Look out for: The scene where they pick up a creepy hitchhiker.

Check out the trailer for The Texas Chainsaw Massacre below.


Total Recall (1990)
DIRECTOR: Paul Verhoeven
CAST: Arnold Schwarzenegger, Sharon Stone
PLOT: A construction worker finds out that his entire memory is actually a chip implanted in his brain and his real identity was as a secret agent who had become a threat to the government. So he goes on a mission to Mars to piece together his past and find the man who was responsible for his implanted memory.

A girl with three boobs. And midgets. That’s all I got to say.

Look out for: “Give these people air” and “Home in time for cornflakes” (oh, and by the way there is a remake of Total Recall coming out this year starring Colin Farrell, Kate Beckinsale, Bill Nighy, and Ethan Hawke).

Check out the trailer below.


A Night at the Roxbury (1998)
DIRECTOR: John Fortenbury
CAST: Will Farrell, Chris Kattan
PLOT: Two dumbass brothers dream of owning their own nightclub. Or at least getting into the hottest club – The Roxbury.

Any Will Farrell film is a treat. You just look at his face and you burst into fits and giggles. Like Undercover Brother, Talladega Nights, Anchorman,  Zoolander, Superbad, Joe’s Apartment, and other entertaining comedy films, this requires -17% brain activity and 200% bellyache from excessive laughter.

The best brothers ever. The two characters are Farrell and Kattan’s routine on Saturday Night Live that they bring to life for this movie. They’re basically big losers – intelligence is zero, social skills zilch – and though they try very hard to attract those of the opposite sex, it usually is a complete failure.

Spandex, tight shirts, shoulder pads, tiger print, silky shirts, and disco – things that were pretty uncool from the ’90s, just seem so poetically kvlt in A Night at the Roxbury.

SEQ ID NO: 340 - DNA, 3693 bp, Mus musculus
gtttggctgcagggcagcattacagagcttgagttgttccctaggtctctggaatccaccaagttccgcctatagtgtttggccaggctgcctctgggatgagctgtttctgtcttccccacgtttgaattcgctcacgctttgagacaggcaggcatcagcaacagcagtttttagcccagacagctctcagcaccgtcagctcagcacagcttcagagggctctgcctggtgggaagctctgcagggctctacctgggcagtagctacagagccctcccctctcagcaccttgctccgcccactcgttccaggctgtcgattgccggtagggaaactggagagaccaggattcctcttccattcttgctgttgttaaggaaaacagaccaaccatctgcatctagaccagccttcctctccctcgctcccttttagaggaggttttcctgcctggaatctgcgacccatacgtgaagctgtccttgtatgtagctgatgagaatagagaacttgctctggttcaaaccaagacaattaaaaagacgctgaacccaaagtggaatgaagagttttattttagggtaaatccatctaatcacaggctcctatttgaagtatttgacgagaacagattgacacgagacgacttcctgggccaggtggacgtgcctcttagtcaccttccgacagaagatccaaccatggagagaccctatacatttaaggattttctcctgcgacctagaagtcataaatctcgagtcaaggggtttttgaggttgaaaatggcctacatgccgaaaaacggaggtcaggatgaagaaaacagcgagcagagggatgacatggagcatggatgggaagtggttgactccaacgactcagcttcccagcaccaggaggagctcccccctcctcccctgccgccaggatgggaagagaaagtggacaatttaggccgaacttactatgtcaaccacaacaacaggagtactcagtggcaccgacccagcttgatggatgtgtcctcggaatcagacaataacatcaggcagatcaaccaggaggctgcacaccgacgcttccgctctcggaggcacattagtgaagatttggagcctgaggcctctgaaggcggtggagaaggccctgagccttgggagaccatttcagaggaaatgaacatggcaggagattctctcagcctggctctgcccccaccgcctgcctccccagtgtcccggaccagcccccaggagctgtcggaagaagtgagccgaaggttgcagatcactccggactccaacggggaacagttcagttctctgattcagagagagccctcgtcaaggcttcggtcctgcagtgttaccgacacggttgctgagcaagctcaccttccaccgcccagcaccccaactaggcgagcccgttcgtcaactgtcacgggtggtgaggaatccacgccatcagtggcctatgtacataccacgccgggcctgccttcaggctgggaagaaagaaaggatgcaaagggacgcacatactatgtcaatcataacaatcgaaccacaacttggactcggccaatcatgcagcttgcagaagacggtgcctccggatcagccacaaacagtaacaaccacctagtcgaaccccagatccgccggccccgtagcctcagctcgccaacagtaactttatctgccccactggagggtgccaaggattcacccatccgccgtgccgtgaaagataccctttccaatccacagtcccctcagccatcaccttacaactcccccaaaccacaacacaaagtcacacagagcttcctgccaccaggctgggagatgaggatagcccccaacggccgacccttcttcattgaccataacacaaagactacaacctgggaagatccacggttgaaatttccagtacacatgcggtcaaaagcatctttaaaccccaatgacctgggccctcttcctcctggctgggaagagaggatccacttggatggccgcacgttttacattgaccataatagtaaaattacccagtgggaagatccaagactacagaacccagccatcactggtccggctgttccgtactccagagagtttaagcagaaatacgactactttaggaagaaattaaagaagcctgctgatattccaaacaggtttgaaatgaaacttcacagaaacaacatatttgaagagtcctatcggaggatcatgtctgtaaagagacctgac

Look out for: The head-bob dance to ‘What is Love’

Here is the trailer below.


12 Angry Men (1957)
DIRECTOR: Sidney Lumet
CAST: Henry Fonda, Lee J Cobb, Martin Balsam
PLOT: Thanks to one opposing jury member, an indisputable case for murder is not as obviously clear as it seemed in court.

For all those who fancy seeing a movie that is intelligent, insightful and a perfectly packaged drama, here is Sidney Lumet’s critically acclaimed film, 12 Angry Men. It takes place in one room, where a 12 member jury discusses the fate of a young, poor, Spanish-American kid who is convicted for his father’s murder. If found guilty, he will be sentenced to death.

This may be a film from the ’50s but it is far from dated. Driven by the characters and their conversation, the whole film demonstrates the power of reasonable doubt. Henry Fonda acts as the single dissenting voice among 11 other jurors who all feel the young boy is guilty. As the 96 minutes pan out, the jury review the evidence and the witness statements only to realise that what they thought was an open-and-shut case starts sprouting flaws and discrepancies. Watching Henry Fonda instil doubt and turn 11 jurors decisions from guilty to not guilty is truly genius.

The film was nominated for Best Director, Best Picture, Best Writing of Adapted Screenplay at the Academy Awards in 1958. Also, strangely enough, 11 of the actors that play the jurors in the film are now dead. There is even a 1997 remake of the film  with Jack Lemmon in Henry Fonda’s role. But you should definitely watch this one first.

Look out for: When they discover the spectacle nose-markings on one of the witnesses.

Check out the trailer below.

More Movie Montage lovin’ here.